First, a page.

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Hey Job Seekers: read this

July 1, 2008

Given the softening economy, I figure a few of you are out there interviewing with new companies.

Whether interviewing for a job, especially in my industry, PR, keep in mind these timeless tips (and deal breakers).

  • HSECHRU (handshake, eye contact, “how are you?”) – mean all of it. firm handshake, look your interviewer in the eye, and ask how they are doing. But only if you mean it. I want to meet real people when I interview potential candidates. If I respond, “Well, it’s been a busy day – a client just acquired two companies in a week, another is launching a major new product and we’re kicking off a new client tomorrow – wouldn’t have it any other way,” I expect a bit of banter back and forth on these topics. I’m looking for a real person who’s comfortable “going off script.”
  • Your files(s), pad and pen should be the only thing on the table. Anything else is a distraction.
  • And definitely don’t pull a Roger Clemens a la 60 Minutes and hold and spin a water bottle. That, too, is distracting.
  • Remember – we were given two ears and one mouth for a reason. And it’s absolutely critical in an interview situation to listen to your interviewer and address his/her hot buttons and questions throughout the session. Don’t wait until the end to ask your questions. By that time, you may have lost your opportunity. For example, when asked: “What did you learn in your previous role that will enable you to succeed in the role we’re offering,” answer succinctly and then be the one to follow up with a simple question such as, “I trust you see these traits as being integral to this position. Are there others you can share as well?” Doing this positions you as genuinely curious while enabling a real dialog. Chances are that your interviewer mentions a few more and you can then react. Listening is key.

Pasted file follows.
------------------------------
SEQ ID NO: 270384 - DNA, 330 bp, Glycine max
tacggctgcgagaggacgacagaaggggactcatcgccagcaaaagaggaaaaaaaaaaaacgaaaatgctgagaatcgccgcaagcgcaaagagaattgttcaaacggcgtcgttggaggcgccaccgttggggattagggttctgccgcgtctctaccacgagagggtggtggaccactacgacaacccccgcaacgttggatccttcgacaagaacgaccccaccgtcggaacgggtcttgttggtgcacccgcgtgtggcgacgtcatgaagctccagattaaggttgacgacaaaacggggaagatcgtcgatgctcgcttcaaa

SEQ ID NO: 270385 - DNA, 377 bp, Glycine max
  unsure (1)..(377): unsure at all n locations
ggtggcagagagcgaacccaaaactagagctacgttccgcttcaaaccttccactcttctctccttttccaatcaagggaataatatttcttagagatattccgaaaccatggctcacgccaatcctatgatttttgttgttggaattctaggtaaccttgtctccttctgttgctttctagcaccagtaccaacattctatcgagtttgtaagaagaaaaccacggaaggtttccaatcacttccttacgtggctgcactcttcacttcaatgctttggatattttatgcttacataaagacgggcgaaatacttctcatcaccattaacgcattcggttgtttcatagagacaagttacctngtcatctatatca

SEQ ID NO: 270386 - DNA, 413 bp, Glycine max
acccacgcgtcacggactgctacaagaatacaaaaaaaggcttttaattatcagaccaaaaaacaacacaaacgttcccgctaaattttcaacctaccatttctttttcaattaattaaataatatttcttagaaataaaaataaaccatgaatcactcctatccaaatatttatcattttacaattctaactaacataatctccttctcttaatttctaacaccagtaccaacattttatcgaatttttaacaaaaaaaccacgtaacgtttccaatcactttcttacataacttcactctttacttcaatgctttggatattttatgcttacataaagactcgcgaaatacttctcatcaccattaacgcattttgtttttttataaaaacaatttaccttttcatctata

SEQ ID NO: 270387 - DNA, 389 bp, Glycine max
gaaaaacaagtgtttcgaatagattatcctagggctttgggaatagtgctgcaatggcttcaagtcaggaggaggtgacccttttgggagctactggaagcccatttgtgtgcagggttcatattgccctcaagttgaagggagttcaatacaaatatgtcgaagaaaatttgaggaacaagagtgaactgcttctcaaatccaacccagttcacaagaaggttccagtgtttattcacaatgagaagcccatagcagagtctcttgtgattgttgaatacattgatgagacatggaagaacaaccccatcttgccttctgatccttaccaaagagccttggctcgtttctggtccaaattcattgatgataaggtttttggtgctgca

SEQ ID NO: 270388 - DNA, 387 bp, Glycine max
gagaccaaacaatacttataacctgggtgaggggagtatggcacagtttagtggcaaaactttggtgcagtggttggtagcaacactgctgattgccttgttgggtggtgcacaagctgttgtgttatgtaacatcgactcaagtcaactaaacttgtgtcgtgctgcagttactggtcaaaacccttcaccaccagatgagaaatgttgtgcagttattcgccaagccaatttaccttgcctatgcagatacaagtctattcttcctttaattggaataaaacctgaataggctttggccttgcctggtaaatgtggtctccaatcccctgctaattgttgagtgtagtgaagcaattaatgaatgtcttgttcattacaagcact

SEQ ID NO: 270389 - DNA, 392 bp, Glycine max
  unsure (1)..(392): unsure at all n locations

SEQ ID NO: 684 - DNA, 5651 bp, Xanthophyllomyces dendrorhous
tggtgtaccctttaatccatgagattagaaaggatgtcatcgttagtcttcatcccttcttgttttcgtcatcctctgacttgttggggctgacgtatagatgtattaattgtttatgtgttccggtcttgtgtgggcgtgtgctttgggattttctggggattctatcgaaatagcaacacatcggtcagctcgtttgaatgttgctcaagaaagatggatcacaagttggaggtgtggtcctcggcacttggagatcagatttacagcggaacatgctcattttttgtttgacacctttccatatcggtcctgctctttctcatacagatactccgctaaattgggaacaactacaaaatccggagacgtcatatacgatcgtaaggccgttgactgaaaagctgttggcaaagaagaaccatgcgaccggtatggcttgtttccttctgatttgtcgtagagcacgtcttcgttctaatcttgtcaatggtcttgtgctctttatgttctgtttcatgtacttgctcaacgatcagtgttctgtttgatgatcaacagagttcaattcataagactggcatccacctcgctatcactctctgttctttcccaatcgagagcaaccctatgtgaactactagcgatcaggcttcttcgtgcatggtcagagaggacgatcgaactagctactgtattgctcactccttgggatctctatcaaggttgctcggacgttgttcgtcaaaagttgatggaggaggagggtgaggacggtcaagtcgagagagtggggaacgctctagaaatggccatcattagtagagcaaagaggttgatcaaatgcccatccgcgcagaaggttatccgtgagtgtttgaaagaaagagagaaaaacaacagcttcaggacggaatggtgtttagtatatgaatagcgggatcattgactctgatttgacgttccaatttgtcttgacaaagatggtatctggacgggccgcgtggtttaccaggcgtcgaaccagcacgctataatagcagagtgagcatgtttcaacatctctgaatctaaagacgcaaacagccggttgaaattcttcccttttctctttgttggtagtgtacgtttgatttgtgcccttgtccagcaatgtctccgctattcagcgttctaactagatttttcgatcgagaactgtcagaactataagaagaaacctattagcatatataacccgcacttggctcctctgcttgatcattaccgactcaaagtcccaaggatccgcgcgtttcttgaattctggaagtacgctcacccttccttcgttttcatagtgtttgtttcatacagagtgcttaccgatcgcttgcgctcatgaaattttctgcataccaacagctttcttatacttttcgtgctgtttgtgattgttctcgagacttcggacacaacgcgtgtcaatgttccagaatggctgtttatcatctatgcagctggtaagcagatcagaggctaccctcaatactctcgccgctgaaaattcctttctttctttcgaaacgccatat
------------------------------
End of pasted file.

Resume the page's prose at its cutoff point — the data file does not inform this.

• Do your homework. And now in this day and age, do your homework on your interviewer. It’s not that hard and you can create a strong first impression. But no stalking or being creepy.
  • Often times, I have a member of my staff begin the interview and then I follow up with the candidate for the final 30 minutes. I absolutely LOVE it when a candidate takes initiative and asks me a question(s) or comments on something he/she learned in the previous 30 minutes. This tells me two things: you’re smart and curious. I always give the candidates a few minutes in between the “grilling” in hopes that they think about the first interview. Keep this in mind.

A few deal breakers include: over anxious and communicating in a not so sublte way that you want to be CEO tomorrow; asking about vacation time (maybe I’m crazy but I find this to be an off-putting question in a first interview); talking negatively about your former employer; unshaven.

I am still shocked and awed at candidates who come through the doors and fail to communicate baseline intelligence on my agency. That’s the ultimate dealbraker. If you can’t answer, “So why LEWIS,” you’re just another boilerplate candidate.

More tips to come in a follow on post.

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